NASA says CubeSat with plasma thrusters may set new deep space record

Multiple payloads will be launched into space with the Orion spacecraft using the Space Launch System (SLS) rocket. Two of these secondary payloads will be CubeSats designed for deep space, including one equipped with plasma thrusters. According to the space agency, this small satellite will use electromagnetic waves to propel itself in space...and it may set a new record in the process.

NASA is closer than ever to launching the first integrated flight test of its Orion spacecraft and the SLS rocket, the combo of which comprise its Deep Space Exploration Systems. The first flight will be called Artemis I, and it'll include carrying 13 tiny satellites into space.

In a recent update on this plan, NASA revealed that two more CubeSats are ready to make their trips on this launch: the Team Miles CubeSat and JAXA's EQUilibriUM Lunar-Earth point 6U Spacecraft (EQUULEUS) CubeSat. Both of these satellites will be attached to Orion's stage adapter, which is the ring that connects the spacecraft with the rocket.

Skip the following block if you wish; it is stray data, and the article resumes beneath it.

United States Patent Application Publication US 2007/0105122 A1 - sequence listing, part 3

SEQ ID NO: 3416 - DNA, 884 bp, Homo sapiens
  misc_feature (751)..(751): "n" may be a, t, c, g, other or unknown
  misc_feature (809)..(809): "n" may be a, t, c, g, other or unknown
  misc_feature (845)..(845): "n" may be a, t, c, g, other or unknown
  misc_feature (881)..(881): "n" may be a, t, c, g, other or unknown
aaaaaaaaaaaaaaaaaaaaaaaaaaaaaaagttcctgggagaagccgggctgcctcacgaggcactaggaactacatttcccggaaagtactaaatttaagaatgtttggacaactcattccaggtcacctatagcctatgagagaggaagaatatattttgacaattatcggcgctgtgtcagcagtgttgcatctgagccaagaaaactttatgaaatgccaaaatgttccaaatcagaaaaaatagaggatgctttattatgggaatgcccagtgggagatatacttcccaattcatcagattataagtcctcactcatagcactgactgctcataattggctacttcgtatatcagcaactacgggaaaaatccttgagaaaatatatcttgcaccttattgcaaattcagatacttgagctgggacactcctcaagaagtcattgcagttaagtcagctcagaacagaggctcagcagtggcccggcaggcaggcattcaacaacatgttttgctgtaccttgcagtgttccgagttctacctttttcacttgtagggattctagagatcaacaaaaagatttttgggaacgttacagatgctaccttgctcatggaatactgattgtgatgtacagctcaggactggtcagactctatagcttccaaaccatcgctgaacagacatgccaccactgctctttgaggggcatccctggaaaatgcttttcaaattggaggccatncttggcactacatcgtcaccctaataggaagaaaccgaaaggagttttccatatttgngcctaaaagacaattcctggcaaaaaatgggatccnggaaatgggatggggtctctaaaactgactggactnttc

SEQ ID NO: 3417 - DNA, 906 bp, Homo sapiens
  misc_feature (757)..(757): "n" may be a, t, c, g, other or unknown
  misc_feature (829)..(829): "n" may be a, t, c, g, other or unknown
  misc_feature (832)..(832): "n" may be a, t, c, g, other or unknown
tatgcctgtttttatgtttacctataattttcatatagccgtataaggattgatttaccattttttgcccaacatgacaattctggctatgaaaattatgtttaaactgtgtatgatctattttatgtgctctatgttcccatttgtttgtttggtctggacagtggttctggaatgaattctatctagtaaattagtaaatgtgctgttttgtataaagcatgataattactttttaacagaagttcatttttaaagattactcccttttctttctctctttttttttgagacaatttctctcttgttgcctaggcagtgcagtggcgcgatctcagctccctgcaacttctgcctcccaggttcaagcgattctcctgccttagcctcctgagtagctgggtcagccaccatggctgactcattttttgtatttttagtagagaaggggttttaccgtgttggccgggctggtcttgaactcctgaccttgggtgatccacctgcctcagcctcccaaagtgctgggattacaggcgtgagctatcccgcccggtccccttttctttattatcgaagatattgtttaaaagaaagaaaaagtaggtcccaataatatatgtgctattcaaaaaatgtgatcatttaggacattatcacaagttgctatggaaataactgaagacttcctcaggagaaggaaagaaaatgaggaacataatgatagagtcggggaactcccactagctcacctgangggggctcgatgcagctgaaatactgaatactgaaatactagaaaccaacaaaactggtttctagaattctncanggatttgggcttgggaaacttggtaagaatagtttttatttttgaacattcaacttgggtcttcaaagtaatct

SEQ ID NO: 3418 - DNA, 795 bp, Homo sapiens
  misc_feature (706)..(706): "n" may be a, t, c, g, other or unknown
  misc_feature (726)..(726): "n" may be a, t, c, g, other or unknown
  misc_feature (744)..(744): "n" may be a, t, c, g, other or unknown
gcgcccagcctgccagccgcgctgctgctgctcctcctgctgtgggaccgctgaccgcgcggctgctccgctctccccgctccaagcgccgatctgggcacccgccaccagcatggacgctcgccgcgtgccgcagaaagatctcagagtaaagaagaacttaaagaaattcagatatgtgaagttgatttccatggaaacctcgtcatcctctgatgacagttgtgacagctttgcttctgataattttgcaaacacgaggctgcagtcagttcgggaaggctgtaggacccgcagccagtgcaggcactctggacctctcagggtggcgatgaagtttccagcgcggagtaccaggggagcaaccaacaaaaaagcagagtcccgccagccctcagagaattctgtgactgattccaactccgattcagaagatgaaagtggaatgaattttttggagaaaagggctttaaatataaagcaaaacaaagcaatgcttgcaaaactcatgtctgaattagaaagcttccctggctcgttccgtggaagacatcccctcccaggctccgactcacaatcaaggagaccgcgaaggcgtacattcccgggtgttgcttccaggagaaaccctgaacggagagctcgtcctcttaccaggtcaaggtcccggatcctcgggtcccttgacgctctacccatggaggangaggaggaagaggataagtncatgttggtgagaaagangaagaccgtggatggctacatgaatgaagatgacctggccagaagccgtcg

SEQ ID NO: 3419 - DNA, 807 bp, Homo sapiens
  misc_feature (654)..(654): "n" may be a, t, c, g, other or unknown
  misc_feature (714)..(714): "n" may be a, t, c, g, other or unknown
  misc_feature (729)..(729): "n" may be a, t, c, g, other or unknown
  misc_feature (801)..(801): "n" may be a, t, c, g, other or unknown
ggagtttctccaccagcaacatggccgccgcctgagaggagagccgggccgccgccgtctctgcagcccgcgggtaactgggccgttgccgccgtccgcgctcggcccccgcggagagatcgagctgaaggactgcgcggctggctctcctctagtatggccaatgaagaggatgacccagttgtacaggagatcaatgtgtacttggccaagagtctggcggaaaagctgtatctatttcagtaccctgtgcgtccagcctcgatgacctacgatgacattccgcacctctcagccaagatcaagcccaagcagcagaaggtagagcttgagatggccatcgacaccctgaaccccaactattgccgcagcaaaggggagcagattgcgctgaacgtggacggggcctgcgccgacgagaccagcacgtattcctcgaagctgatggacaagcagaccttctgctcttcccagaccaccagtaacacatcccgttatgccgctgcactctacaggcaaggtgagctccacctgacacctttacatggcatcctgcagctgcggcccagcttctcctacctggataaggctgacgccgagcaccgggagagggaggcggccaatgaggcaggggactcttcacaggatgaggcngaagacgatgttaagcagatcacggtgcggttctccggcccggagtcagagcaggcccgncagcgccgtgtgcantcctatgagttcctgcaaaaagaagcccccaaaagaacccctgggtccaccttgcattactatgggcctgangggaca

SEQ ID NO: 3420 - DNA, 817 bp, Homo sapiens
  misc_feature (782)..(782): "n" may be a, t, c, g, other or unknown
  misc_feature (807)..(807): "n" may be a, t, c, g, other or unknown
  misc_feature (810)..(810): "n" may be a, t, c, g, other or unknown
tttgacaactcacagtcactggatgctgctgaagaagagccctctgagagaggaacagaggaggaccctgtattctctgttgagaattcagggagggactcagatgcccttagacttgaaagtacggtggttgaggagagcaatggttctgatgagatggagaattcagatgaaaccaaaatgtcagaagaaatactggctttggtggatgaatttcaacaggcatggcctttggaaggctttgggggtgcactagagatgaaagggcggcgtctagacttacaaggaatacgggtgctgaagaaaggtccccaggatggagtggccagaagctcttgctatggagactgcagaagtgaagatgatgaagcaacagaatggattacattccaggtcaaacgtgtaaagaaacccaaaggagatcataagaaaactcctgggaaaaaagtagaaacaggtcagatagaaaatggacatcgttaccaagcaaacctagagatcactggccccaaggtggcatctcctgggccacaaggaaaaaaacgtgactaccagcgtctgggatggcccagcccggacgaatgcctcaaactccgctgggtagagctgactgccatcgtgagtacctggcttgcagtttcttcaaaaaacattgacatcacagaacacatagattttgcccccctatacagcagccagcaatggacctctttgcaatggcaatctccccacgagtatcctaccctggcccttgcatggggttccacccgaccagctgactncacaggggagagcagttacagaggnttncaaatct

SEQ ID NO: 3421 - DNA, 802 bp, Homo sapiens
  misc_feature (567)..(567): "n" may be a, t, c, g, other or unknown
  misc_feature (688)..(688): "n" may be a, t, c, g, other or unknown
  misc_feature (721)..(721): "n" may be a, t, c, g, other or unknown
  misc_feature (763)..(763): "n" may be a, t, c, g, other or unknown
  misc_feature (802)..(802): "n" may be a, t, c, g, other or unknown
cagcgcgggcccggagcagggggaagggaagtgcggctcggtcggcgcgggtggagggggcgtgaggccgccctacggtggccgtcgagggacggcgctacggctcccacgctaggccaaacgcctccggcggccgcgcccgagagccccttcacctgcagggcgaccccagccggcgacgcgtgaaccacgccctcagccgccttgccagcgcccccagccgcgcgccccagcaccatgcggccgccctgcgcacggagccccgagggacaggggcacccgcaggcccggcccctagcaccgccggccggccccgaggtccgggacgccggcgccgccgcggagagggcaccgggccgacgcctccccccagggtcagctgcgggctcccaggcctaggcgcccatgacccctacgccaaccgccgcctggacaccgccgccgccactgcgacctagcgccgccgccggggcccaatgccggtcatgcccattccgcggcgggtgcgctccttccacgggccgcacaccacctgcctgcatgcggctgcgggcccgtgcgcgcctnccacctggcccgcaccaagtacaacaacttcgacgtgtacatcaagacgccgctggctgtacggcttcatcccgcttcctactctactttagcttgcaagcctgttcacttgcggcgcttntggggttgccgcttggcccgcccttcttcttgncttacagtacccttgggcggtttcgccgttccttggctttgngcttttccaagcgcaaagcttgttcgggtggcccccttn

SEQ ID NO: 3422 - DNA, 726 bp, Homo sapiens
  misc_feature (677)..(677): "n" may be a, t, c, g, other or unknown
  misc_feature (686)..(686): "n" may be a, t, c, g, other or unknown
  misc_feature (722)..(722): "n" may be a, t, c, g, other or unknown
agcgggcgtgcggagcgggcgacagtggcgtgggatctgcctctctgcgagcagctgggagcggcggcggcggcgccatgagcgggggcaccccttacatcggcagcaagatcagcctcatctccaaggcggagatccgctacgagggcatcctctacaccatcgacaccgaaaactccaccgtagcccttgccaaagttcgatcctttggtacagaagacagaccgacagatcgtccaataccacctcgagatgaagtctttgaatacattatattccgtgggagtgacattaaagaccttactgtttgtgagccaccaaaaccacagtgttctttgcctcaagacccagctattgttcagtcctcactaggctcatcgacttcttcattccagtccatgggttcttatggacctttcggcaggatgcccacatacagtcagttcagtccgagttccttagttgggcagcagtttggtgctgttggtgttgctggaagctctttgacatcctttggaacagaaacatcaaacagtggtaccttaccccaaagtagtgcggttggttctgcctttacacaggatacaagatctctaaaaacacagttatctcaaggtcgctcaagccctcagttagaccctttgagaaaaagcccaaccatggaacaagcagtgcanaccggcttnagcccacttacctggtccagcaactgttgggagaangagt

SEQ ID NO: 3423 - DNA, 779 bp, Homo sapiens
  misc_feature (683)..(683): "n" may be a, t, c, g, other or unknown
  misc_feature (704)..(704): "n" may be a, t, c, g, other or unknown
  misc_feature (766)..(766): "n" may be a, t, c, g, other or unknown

The Team Miles CubeSat, which comes from Miles Space, was made under NASA's Cube Quest Challenge; it will use the plasma thrusters to test this method of propulsion in deep space. An onboard computer will autonomously operate the satellite, which will also feature a radio for Earth-bound communication.

Assuming this CubeSat proves successful, NASA says it will manage to travel a greater distance than any other human-made craft in this class at 59.6 million miles. This would be nearly double the distance between Earth and Mars, for reference. JAXA's CubeSat, meanwhile, will zoom around in the space around Earth and the Moon where it will take photos of Earth's plasmasphere.